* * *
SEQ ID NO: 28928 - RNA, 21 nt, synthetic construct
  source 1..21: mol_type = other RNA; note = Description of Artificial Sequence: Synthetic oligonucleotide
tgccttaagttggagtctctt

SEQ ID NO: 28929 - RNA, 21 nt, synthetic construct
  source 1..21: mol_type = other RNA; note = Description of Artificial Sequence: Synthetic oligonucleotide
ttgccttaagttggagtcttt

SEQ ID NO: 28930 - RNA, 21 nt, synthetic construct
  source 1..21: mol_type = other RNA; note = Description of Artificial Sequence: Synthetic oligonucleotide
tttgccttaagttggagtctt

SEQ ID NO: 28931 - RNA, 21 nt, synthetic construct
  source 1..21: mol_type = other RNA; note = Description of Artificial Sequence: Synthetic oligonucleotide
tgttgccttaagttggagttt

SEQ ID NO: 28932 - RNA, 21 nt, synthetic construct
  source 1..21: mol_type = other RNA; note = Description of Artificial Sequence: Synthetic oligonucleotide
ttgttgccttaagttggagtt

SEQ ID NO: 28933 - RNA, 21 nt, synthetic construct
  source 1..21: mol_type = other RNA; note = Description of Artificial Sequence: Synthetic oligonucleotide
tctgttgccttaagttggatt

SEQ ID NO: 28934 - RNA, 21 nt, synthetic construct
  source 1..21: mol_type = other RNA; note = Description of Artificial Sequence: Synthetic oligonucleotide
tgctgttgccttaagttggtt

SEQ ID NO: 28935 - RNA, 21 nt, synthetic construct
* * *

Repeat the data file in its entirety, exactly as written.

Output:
SEQ ID NO: 28928 - RNA, 21 nt, synthetic construct
  source 1..21: mol_type = other RNA; note = Description of Artificial Sequence: Synthetic oligonucleotide
tgccttaagttggagtctctt

SEQ ID NO: 28929 - RNA, 21 nt, synthetic construct
  source 1..21: mol_type = other RNA; note = Description of Artificial Sequence: Synthetic oligonucleotide
ttgccttaagttggagtcttt

SEQ ID NO: 28930 - RNA, 21 nt, synthetic construct
  source 1..21: mol_type = other RNA; note = Description of Artificial Sequence: Synthetic oligonucleotide
tttgccttaagttggagtctt

SEQ ID NO: 28931 - RNA, 21 nt, synthetic construct
  source 1..21: mol_type = other RNA; note = Description of Artificial Sequence: Synthetic oligonucleotide
tgttgccttaagttggagttt

SEQ ID NO: 28932 - RNA, 21 nt, synthetic construct
  source 1..21: mol_type = other RNA; note = Description of Artificial Sequence: Synthetic oligonucleotide
ttgttgccttaagttggagtt

SEQ ID NO: 28933 - RNA, 21 nt, synthetic construct
  source 1..21: mol_type = other RNA; note = Description of Artificial Sequence: Synthetic oligonucleotide
tctgttgccttaagttggatt

SEQ ID NO: 28934 - RNA, 21 nt, synthetic construct
  source 1..21: mol_type = other RNA; note = Description of Artificial Sequence: Synthetic oligonucleotide
tgctgttgccttaagttggtt

SEQ ID NO: 28935 - RNA, 21 nt, synthetic construct